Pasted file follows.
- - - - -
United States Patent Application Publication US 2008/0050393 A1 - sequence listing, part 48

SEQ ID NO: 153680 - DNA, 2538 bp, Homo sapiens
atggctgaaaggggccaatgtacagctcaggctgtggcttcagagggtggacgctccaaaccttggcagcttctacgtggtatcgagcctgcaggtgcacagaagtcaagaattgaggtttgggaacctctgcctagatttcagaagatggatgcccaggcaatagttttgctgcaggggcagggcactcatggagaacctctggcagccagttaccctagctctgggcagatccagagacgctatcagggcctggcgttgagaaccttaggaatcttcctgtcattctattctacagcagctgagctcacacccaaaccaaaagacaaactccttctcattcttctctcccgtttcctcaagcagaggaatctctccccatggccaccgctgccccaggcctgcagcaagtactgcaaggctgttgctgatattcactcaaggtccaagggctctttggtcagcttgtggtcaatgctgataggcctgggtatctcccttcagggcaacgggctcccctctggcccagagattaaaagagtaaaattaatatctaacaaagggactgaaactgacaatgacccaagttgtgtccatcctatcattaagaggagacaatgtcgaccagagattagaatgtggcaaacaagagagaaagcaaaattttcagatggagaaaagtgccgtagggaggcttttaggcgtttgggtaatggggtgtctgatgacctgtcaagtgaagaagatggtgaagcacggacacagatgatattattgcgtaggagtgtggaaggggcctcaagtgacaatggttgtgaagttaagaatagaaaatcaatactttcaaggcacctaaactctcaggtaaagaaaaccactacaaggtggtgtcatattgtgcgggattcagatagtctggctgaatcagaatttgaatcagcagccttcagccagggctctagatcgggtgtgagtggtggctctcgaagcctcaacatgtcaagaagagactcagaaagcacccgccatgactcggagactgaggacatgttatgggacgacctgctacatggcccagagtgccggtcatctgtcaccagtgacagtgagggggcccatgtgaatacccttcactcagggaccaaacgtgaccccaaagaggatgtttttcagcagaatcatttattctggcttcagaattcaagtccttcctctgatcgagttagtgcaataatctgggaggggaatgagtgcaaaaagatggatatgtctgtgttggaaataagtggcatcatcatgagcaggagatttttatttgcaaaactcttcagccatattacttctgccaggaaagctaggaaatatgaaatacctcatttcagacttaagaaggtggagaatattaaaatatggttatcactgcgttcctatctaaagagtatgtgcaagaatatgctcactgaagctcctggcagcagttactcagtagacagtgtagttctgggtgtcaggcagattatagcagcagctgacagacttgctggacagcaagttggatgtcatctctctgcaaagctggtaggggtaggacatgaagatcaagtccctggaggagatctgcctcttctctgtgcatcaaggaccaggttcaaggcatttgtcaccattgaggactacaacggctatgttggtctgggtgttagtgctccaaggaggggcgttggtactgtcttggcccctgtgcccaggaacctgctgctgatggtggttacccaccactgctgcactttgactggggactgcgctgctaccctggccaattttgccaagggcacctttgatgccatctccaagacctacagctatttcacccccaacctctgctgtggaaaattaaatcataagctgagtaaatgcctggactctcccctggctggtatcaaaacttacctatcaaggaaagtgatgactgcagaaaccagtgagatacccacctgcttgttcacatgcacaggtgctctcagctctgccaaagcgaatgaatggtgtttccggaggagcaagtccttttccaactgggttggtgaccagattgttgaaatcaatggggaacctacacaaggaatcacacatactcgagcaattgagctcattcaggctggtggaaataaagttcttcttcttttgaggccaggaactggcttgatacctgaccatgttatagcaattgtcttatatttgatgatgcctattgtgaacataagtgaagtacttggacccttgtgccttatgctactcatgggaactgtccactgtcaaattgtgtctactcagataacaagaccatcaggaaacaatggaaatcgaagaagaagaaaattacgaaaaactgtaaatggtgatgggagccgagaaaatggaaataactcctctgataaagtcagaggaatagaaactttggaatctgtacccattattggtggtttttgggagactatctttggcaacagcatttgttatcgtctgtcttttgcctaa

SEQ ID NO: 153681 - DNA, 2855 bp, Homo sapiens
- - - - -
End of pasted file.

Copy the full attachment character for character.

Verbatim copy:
United States Patent Application Publication US 2008/0050393 A1 - sequence listing, part 48

SEQ ID NO: 153680 - DNA, 2538 bp, Homo sapiens
atggctgaaaggggccaatgtacagctcaggctgtggcttcagagggtggacgctccaaaccttggcagcttctacgtggtatcgagcctgcaggtgcacagaagtcaagaattgaggtttgggaacctctgcctagatttcagaagatggatgcccaggcaatagttttgctgcaggggcagggcactcatggagaacctctggcagccagttaccctagctctgggcagatccagagacgctatcagggcctggcgttgagaaccttaggaatcttcctgtcattctattctacagcagctgagctcacacccaaaccaaaagacaaactccttctcattcttctctcccgtttcctcaagcagaggaatctctccccatggccaccgctgccccaggcctgcagcaagtactgcaaggctgttgctgatattcactcaaggtccaagggctctttggtcagcttgtggtcaatgctgataggcctgggtatctcccttcagggcaacgggctcccctctggcccagagattaaaagagtaaaattaatatctaacaaagggactgaaactgacaatgacccaagttgtgtccatcctatcattaagaggagacaatgtcgaccagagattagaatgtggcaaacaagagagaaagcaaaattttcagatggagaaaagtgccgtagggaggcttttaggcgtttgggtaatggggtgtctgatgacctgtcaagtgaagaagatggtgaagcacggacacagatgatattattgcgtaggagtgtggaaggggcctcaagtgacaatggttgtgaagttaagaatagaaaatcaatactttcaaggcacctaaactctcaggtaaagaaaaccactacaaggtggtgtcatattgtgcgggattcagatagtctggctgaatcagaatttgaatcagcagccttcagccagggctctagatcgggtgtgagtggtggctctcgaagcctcaacatgtcaagaagagactcagaaagcacccgccatgactcggagactgaggacatgttatgggacgacctgctacatggcccagagtgccggtcatctgtcaccagtgacagtgagggggcccatgtgaatacccttcactcagggaccaaacgtgaccccaaagaggatgtttttcagcagaatcatttattctggcttcagaattcaagtccttcctctgatcgagttagtgcaataatctgggaggggaatgagtgcaaaaagatggatatgtctgtgttggaaataagtggcatcatcatgagcaggagatttttatttgcaaaactcttcagccatattacttctgccaggaaagctaggaaatatgaaatacctcatttcagacttaagaaggtggagaatattaaaatatggttatcactgcgttcctatctaaagagtatgtgcaagaatatgctcactgaagctcctggcagcagttactcagtagacagtgtagttctgggtgtcaggcagattatagcagcagctgacagacttgctggacagcaagttggatgtcatctctctgcaaagctggtaggggtaggacatgaagatcaagtccctggaggagatctgcctcttctctgtgcatcaaggaccaggttcaaggcatttgtcaccattgaggactacaacggctatgttggtctgggtgttagtgctccaaggaggggcgttggtactgtcttggcccctgtgcccaggaacctgctgctgatggtggttacccaccactgctgcactttgactggggactgcgctgctaccctggccaattttgccaagggcacctttgatgccatctccaagacctacagctatttcacccccaacctctgctgtggaaaattaaatcataagctgagtaaatgcctggactctcccctggctggtatcaaaacttacctatcaaggaaagtgatgactgcagaaaccagtgagatacccacctgcttgttcacatgcacaggtgctctcagctctgccaaagcgaatgaatggtgtttccggaggagcaagtccttttccaactgggttggtgaccagattgttgaaatcaatggggaacctacacaaggaatcacacatactcgagcaattgagctcattcaggctggtggaaataaagttcttcttcttttgaggccaggaactggcttgatacctgaccatgttatagcaattgtcttatatttgatgatgcctattgtgaacataagtgaagtacttggacccttgtgccttatgctactcatgggaactgtccactgtcaaattgtgtctactcagataacaagaccatcaggaaacaatggaaatcgaagaagaagaaaattacgaaaaactgtaaatggtgatgggagccgagaaaatggaaataactcctctgataaagtcagaggaatagaaactttggaatctgtacccattattggtggtttttgggagactatctttggcaacagcatttgttatcgtctgtcttttgcctaa

SEQ ID NO: 153681 - DNA, 2855 bp, Homo sapiens